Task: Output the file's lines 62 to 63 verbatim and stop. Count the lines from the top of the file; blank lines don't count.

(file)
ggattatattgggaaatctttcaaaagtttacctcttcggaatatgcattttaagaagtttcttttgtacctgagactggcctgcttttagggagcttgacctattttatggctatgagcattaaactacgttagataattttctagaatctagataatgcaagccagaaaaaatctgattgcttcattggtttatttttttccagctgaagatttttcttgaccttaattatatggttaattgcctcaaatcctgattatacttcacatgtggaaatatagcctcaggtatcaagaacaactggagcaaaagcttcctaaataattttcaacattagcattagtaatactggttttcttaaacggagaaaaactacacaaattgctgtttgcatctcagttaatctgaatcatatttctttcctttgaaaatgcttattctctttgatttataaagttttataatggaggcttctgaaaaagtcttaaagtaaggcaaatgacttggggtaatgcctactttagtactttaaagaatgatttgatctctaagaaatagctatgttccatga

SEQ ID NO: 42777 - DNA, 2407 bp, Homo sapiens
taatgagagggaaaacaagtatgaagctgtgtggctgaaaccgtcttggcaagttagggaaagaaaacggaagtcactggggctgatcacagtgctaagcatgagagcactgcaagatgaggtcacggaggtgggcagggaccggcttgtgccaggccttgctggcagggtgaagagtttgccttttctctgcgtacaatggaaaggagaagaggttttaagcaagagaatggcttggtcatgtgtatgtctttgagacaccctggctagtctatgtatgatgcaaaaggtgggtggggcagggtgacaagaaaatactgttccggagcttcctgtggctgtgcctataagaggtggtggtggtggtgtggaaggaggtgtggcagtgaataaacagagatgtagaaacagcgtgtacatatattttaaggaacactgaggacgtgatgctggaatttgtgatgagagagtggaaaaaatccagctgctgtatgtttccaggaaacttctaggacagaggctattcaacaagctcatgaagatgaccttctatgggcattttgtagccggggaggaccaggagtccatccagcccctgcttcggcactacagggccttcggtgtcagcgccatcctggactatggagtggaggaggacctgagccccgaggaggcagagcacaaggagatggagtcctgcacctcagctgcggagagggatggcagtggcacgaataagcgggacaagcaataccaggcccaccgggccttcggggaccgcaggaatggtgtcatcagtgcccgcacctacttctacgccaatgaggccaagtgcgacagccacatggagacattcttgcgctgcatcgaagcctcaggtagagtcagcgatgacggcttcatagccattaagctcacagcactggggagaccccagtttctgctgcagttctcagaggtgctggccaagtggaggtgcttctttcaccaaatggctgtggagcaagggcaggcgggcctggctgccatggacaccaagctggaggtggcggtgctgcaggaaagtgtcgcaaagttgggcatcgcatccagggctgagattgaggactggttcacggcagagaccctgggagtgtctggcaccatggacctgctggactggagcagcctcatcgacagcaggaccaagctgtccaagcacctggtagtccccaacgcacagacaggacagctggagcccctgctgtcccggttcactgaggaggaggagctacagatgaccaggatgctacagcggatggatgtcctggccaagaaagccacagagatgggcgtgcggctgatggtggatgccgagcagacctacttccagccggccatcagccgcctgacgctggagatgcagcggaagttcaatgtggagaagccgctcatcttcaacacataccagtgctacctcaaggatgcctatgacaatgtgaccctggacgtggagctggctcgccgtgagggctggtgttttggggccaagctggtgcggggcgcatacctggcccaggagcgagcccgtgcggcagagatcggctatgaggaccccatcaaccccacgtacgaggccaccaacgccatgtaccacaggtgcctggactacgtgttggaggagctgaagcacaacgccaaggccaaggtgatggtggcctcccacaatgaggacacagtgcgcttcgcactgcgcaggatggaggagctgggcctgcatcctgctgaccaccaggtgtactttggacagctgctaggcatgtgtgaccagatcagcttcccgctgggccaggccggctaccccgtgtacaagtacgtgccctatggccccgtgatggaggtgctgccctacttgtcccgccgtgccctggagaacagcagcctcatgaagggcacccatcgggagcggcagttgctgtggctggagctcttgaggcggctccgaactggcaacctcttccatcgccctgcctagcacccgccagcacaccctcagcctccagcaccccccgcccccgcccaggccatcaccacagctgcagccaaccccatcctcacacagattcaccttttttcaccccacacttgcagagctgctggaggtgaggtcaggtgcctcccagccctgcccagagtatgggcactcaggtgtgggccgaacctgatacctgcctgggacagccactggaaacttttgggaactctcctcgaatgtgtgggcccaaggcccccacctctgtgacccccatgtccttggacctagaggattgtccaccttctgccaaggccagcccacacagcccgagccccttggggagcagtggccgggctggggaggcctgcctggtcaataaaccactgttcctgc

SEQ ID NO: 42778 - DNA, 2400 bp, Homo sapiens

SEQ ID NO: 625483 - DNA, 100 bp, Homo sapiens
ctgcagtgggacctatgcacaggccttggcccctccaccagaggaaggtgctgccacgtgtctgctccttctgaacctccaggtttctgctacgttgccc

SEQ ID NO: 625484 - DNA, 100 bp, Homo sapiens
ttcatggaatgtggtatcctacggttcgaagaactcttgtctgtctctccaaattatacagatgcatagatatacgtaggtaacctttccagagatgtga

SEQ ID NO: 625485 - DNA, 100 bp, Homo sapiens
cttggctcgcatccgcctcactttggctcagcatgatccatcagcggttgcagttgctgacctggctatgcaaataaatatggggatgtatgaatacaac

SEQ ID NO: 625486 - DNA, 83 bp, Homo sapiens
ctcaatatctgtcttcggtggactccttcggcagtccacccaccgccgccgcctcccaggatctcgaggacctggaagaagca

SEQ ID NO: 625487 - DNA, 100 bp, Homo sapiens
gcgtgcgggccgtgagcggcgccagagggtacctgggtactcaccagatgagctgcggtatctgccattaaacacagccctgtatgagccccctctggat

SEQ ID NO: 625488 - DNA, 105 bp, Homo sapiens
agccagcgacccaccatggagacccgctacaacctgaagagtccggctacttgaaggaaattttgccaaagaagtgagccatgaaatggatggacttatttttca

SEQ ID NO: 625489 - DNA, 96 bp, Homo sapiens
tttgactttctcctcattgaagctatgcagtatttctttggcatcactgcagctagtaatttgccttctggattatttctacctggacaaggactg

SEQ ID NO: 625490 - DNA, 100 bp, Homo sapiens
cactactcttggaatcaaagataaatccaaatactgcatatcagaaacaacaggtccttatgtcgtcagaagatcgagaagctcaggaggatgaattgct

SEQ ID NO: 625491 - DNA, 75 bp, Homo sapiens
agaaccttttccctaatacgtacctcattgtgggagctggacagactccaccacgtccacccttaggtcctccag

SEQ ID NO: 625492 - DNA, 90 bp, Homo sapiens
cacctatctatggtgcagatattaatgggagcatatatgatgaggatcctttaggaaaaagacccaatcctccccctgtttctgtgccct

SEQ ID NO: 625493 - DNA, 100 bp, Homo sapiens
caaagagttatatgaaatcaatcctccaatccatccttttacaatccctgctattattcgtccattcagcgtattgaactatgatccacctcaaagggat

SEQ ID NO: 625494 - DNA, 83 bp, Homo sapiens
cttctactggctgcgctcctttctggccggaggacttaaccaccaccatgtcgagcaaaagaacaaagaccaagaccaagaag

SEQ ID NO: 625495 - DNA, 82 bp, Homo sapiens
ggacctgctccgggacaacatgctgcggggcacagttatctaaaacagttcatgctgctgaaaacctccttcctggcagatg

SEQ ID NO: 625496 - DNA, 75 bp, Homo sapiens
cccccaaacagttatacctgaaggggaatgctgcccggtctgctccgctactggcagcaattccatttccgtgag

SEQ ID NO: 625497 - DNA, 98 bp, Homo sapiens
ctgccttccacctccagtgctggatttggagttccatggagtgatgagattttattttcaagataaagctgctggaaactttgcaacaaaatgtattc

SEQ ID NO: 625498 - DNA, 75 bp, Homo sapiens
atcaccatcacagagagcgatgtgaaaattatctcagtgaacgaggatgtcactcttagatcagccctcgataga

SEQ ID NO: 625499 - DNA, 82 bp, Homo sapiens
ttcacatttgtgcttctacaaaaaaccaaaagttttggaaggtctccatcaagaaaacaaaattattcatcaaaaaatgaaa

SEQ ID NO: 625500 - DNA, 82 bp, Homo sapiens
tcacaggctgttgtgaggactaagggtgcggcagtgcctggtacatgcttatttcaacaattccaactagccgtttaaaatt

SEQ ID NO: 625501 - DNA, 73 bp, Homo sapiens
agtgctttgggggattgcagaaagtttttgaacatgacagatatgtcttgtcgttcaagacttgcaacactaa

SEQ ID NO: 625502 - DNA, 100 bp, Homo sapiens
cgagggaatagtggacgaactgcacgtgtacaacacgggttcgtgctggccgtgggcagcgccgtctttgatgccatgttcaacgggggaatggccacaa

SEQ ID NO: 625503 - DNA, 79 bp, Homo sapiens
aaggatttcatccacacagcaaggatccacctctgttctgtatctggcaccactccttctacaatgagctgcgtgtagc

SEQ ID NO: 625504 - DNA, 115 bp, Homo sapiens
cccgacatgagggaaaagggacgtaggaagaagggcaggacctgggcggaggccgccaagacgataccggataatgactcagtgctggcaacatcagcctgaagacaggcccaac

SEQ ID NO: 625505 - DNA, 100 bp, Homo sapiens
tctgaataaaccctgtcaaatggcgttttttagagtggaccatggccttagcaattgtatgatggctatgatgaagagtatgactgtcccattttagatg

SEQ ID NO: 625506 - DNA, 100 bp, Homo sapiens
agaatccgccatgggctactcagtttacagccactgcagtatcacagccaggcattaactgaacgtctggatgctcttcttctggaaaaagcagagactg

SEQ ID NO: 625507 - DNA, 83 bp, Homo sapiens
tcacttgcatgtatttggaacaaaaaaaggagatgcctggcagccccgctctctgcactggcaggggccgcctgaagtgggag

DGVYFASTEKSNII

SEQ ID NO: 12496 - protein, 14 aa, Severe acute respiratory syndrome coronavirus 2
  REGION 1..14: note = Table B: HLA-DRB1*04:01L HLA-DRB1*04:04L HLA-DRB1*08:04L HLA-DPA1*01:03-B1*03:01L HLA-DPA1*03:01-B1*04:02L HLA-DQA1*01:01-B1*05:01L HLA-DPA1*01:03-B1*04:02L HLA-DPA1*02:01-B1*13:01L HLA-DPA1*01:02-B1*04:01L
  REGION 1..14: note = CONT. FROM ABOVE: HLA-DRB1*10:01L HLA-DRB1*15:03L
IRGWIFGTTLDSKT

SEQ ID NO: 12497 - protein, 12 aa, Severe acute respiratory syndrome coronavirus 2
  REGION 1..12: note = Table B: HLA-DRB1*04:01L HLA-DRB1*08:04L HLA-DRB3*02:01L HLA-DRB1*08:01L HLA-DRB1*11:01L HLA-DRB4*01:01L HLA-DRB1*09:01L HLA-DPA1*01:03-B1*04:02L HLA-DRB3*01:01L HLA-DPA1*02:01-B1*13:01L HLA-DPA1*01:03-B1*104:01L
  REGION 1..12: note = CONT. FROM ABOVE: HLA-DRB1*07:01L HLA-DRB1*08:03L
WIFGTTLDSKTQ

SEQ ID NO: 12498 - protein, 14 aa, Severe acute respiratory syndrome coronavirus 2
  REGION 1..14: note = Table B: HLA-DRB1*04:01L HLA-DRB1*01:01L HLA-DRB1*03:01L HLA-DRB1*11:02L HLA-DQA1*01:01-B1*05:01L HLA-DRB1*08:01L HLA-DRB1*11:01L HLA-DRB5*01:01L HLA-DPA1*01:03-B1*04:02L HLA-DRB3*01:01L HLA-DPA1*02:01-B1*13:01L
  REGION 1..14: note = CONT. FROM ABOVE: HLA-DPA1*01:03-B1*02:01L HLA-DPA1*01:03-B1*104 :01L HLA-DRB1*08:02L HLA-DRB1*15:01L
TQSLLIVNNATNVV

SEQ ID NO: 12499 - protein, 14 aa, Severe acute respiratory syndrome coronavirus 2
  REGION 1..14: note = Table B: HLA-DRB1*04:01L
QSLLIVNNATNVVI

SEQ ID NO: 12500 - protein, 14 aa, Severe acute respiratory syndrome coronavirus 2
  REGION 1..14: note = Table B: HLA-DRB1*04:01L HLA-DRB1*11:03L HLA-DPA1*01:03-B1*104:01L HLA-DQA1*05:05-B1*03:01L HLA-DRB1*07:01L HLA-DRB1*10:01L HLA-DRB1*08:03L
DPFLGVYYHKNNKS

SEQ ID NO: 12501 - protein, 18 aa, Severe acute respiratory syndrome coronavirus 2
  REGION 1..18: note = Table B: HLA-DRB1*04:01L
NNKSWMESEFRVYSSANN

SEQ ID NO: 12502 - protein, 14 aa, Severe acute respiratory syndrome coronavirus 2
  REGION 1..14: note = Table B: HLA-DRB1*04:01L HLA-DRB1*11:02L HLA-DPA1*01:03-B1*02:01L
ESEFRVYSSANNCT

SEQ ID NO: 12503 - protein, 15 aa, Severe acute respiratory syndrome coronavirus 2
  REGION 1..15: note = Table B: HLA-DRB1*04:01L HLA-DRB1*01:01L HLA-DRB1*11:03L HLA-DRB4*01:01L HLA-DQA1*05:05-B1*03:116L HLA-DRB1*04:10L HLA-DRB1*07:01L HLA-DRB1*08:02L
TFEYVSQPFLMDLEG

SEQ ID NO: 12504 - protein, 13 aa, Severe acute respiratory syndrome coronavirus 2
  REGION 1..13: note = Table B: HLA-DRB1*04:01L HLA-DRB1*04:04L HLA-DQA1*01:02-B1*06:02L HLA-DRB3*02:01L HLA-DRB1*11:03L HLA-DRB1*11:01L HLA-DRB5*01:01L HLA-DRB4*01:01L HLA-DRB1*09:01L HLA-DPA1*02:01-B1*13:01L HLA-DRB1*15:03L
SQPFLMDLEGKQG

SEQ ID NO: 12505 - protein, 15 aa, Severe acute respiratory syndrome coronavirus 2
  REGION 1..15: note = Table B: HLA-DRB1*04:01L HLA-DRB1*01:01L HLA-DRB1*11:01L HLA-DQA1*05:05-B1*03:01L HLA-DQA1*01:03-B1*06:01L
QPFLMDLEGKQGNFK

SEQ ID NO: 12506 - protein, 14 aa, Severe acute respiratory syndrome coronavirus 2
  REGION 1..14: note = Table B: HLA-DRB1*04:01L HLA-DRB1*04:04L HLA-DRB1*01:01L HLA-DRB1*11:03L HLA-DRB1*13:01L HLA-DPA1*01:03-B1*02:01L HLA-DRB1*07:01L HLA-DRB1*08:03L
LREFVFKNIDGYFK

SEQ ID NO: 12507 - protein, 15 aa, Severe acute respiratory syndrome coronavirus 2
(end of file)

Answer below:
  REGION 1..12: note = CONT. FROM ABOVE: HLA-DRB1*07:01L HLA-DRB1*08:03L
WIFGTTLDSKTQ